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 The History of the Family Greeff of the Huckenbach
Geschichte der Familie Greeff aus der Huckenbach

Huckenbach Farm. (Source:
Huckenbach Farm today, in a photo by "gedawu" on Panoramio (
I sincerely regret that I have not been able to contact the photographer about this photo, and I hope that he will contact me please.

Prof Victor Bredt wrote a Greeff Family History that was published in Germany in 1941, during the war: Geschichte der Familie Greeff aus der Huckenbach. For nearly three quarters of a century this book was availaible to very few people, in German only. Now, for the first time, it is available in English. The translation will eventually appear in book form, in a joint venture between Francois Greeff in London, and Viljoen Greeff in Heidelberg, South Africa.

It is likely that most of you will have seen, on TV at least, the famous boat races between Oxford and Cambridge Universities. The sort of thing where you have a bunch of big burly fellows sweating and straining their guts out at the oars, and one little fellow in the stern of the boat, the cox, lolling back with the tiller in one hand. That is pretty much like the relationship between Francois and Viljoen, with Viljoen straining at the oar, and Francois lolling about at the tiller. In no way must the extremely hard work that Viljoen Greeff has done be underestimated. The entire Greeff clan owes him a great debt of gratitude.

The book will appear in three sections:
Part One: A copy of the original German text. HuckenbackBuch.pdf (10 Mb)
Part Two: A translation from German into English. HuckenbachEnglish.pdf (1 Mb)
Part Three: An update from 1941 to 2008.

Here is some of the raw data that must be processed to create Part three of the book:
Tables of American Data.pdf (365 Kb)
AmericanDocuments.pdf (6 Mb)
wwwFootnotedotcom.pdf (244 Kb)
The last file is a list of sources for the second file.

No part of this book has been completed yet. The photos and illustrations from the original must still be added to the new English text. All and any suggestions for improving any part of the work will be VERY welcome, and greatly appreciated. We count on the entire Greeff family to work together to make this venture a success.

Part three is currently being researched and will be written over the next year or two. The information in the original German book is being updated from 1941 to 2008, and we ask for everyone who has relevant information to help please. If you have any information about the family, or any member of it, and particularly pictures or documents linking to the family Greeff of the Huckenbach, please email it to me,  Francois Greeff, at: Please add any genealogical information you have as an attachment to your letter. Gedcom files are welcome too.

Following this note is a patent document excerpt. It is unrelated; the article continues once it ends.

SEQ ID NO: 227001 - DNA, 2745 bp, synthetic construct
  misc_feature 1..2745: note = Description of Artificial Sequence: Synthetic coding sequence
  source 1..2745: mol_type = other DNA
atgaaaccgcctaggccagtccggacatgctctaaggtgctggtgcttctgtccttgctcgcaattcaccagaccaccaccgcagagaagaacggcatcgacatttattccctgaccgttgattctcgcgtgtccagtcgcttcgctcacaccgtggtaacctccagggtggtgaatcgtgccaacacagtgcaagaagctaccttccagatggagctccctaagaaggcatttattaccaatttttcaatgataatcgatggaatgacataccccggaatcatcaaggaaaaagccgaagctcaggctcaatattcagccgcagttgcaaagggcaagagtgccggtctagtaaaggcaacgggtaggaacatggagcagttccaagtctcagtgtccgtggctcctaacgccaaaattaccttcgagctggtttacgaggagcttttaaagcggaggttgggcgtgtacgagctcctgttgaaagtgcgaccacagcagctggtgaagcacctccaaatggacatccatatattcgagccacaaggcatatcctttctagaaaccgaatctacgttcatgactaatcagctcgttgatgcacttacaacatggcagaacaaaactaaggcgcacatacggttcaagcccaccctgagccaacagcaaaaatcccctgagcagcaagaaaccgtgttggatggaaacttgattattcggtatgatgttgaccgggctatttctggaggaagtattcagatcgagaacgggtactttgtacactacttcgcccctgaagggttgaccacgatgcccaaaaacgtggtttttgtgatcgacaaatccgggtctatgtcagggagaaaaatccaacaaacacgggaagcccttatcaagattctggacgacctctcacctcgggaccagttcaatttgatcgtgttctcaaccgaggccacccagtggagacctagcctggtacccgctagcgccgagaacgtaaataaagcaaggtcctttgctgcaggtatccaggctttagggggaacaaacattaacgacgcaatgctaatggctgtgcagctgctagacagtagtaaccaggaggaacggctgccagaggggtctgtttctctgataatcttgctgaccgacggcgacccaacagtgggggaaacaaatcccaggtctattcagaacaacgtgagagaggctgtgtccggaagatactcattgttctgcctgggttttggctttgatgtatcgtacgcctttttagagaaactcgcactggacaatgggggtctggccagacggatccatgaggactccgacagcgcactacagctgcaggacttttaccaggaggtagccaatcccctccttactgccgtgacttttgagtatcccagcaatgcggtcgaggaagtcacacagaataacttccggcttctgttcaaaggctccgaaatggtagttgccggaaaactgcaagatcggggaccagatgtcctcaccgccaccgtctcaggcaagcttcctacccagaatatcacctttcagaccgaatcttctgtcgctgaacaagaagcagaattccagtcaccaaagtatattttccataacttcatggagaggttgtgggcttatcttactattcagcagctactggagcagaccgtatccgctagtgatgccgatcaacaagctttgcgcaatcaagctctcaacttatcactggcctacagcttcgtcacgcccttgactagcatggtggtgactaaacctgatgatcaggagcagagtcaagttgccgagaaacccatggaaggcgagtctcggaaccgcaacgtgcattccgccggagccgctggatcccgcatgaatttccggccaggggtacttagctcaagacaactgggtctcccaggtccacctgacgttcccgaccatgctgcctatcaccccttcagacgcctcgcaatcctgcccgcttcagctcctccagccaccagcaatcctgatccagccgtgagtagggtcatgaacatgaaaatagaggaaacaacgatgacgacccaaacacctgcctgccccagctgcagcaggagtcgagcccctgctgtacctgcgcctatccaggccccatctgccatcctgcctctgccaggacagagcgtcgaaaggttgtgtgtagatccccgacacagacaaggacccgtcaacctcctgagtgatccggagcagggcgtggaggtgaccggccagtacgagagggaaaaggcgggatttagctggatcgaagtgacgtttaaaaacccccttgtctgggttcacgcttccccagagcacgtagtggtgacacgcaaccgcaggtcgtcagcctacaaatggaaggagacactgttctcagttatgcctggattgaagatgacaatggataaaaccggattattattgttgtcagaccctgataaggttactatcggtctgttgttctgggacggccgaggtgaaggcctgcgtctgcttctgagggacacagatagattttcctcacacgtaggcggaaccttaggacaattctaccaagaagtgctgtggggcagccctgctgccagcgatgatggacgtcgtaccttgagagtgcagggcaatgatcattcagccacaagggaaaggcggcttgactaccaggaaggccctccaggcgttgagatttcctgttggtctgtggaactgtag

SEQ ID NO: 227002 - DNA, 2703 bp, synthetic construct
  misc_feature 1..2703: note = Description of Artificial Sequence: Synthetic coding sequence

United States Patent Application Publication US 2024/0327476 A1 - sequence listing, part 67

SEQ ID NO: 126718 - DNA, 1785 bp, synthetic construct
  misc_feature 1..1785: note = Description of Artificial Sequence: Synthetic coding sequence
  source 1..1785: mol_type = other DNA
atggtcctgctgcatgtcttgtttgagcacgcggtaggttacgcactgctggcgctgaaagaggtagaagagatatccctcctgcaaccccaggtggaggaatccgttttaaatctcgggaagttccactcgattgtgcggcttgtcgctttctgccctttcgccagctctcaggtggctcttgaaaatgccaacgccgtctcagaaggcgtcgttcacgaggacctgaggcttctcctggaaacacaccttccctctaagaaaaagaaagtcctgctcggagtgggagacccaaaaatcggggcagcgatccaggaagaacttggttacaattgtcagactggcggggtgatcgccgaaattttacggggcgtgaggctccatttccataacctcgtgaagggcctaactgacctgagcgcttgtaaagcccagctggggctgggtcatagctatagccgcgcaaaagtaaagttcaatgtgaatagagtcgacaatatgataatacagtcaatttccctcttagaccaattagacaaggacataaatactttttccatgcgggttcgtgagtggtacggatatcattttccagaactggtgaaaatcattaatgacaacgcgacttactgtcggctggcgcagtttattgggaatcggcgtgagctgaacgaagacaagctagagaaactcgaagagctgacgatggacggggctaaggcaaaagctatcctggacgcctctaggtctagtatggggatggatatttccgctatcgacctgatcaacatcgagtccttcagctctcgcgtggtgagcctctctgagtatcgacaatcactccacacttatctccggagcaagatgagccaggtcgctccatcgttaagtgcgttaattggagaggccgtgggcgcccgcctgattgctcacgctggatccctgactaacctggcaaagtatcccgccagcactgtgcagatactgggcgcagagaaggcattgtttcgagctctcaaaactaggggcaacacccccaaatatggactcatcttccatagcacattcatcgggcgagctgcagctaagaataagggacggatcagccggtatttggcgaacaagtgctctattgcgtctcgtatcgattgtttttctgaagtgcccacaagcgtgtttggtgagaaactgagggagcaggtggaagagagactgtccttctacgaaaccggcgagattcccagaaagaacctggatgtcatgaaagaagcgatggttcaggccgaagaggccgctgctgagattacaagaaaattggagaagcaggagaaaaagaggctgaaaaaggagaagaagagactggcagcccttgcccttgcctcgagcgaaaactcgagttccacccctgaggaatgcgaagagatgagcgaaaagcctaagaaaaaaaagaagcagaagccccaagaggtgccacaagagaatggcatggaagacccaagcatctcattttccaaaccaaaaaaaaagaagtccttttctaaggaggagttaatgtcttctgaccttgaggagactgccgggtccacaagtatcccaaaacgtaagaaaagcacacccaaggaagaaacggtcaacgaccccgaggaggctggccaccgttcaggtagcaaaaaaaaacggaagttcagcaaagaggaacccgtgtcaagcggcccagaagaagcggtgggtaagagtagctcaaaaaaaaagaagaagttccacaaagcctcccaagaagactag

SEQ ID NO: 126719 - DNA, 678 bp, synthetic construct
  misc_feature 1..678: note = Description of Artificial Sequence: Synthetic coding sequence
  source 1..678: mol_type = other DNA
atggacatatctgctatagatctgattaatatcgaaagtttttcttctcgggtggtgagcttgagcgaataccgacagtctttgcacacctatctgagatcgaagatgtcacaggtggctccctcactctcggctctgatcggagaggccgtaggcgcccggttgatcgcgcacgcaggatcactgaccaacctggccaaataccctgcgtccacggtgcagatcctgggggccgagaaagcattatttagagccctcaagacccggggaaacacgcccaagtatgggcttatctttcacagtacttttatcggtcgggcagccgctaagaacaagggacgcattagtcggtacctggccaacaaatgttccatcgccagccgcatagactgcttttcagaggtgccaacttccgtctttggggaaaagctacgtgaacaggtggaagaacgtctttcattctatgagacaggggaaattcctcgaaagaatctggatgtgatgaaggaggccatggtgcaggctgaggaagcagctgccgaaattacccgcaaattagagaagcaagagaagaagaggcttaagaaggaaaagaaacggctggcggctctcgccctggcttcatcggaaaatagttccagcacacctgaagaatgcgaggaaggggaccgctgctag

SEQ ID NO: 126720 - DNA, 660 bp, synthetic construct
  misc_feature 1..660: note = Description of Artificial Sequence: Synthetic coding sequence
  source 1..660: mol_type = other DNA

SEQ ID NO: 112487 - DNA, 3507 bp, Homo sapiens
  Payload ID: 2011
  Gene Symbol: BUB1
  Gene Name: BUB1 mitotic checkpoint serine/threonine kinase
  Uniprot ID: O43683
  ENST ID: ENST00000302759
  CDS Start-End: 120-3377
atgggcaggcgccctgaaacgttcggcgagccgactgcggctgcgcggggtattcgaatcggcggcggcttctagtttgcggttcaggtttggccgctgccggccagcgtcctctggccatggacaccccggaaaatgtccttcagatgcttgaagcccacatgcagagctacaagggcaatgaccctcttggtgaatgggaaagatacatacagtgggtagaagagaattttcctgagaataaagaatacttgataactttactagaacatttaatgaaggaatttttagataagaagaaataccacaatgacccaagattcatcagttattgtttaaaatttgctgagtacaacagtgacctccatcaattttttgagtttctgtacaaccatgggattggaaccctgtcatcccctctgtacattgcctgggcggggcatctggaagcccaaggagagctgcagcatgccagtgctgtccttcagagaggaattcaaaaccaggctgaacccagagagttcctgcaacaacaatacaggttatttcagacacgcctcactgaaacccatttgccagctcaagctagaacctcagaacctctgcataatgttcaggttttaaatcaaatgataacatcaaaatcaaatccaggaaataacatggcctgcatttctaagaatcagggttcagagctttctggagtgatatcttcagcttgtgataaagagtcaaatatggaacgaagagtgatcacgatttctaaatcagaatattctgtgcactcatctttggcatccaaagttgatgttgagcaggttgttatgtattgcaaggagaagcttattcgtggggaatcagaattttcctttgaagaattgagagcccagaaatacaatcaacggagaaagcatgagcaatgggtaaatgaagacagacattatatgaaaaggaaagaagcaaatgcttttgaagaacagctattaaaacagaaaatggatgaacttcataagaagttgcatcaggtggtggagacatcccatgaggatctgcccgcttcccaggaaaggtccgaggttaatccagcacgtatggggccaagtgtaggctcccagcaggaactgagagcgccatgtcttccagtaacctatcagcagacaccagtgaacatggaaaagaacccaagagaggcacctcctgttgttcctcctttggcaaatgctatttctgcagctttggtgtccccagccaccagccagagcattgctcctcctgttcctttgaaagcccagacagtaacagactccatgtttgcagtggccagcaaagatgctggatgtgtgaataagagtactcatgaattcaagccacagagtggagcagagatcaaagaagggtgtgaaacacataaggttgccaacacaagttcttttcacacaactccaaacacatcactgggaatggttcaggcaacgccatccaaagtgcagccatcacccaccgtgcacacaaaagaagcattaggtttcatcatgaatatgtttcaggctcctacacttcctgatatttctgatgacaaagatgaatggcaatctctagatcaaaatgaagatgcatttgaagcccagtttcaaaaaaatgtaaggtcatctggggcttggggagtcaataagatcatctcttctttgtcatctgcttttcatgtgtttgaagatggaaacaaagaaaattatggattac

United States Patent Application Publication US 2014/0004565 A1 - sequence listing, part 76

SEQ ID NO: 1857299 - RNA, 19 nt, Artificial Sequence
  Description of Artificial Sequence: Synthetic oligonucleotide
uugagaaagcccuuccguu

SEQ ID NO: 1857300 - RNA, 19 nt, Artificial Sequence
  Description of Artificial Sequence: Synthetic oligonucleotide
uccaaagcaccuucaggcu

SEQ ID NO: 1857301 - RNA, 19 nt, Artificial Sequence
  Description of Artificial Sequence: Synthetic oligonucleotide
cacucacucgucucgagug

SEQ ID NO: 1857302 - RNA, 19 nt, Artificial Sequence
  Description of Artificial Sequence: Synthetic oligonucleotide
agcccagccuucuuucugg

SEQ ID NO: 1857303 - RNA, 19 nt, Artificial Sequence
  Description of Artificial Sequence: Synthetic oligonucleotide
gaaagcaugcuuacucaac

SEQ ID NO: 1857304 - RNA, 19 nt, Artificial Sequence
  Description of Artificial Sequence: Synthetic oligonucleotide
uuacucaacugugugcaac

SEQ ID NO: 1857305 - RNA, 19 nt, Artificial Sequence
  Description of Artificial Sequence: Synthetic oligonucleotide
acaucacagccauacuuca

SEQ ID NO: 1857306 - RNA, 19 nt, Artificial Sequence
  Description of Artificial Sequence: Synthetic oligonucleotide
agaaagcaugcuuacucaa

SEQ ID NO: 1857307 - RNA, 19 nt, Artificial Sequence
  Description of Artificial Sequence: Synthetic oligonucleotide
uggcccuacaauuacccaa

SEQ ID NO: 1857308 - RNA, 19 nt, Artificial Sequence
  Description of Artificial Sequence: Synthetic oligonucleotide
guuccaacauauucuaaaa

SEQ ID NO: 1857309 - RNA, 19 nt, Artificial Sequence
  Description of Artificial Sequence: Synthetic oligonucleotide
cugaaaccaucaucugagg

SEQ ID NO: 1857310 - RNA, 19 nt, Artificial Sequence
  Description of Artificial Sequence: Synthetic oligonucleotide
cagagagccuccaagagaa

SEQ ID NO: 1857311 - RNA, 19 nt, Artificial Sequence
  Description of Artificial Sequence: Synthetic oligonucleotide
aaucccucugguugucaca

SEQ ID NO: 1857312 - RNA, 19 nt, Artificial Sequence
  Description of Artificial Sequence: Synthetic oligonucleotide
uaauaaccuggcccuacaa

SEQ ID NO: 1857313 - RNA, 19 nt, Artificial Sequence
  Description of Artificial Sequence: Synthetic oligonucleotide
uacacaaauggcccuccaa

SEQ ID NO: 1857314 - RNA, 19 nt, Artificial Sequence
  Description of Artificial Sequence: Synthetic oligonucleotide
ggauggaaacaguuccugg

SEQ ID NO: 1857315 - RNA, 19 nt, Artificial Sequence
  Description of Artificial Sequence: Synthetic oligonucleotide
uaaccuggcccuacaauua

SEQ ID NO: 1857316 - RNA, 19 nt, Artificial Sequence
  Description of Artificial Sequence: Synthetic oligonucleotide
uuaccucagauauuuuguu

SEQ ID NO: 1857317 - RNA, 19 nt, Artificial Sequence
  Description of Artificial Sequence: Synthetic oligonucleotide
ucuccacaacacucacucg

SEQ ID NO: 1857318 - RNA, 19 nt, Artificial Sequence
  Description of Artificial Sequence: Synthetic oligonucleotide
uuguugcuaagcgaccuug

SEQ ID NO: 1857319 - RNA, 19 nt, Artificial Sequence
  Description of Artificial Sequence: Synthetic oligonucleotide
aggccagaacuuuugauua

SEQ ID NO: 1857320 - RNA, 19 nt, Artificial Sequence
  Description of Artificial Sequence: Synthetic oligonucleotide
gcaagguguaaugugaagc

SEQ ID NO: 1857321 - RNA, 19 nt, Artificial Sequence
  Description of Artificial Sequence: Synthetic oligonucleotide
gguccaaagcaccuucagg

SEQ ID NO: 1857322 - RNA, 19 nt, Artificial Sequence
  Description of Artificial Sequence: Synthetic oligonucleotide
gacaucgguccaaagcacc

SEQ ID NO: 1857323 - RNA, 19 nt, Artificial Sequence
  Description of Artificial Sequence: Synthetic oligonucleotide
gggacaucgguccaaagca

Information from the Greeff DNA project will also be used in Part Three of the book, to illustrate the relationship of the Huckenbach tribe to other branches of the Greeff family, particularly the American and South African branches.

The work that Victor Bredt and JP Werth did in the early twentieth century is remarkable for its astounding depth and scope. When reading this book, PLEASE NOTE THE BIOGRAPHICAL INFORMATION, which is full and rich and detailed. Let the biographies that Victor Bredt collected be an example to each of us, so that all of us might contribute just three or four biographies ourselves, for one of the main aims of the Greeff web site is to collect a short biography of every single Greeff who ever lived.

Viljoen and Francois extend their warmest thanks to Chris Greeff and Tiffany Smith Hunter of California, Elise Lindeque (born Greeff) in London, Joan Schneider (born Greeff) in Texas, Talon Greeff in Utah, Klaus Greeff and his brother Andreas in Switzerland, Alex Tsioulakis, Ute Greeff, Oliver Greeff, and Michael Stockhausen, all of Germany. Each of them have contributed, in some way, to the creation of this book.


I sent the text of the translated book to Lee Greeff in pretoria, and she has used it to add the data from it into a family tree, where all of us can see people in a chart of ancestors or a chart of descendants. An Ahnentafel. I copy an email about her work:

From: francois Greeff []
Sent: 27 August 2008 18:29
Subject: Greeff German Family Tree. Lee Greeff.

Hi Lee,
I have just finished processing the Tree you sent me, and I am wonderfully impressed by the excellent work you have done. When I sent the tree to you in the first place there were 450 people on it. When you sent it back there were 901 people. But that is not all. The work you did also included redoing my work and updating it, and adding vital details like dates, places and notes. The new tree is an absolute pleasure to work with, and it is remarkably rich in information. I have added it to the Greeff Family web site, and now the whole family can look at your work:

Also try searching in the tree: “Greeff in Germany” at:

Thank you very much for all your hard and dilligent work.

Francois Greeff
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Please see: Greeff Saturday Squad if you want to help to build our family tree.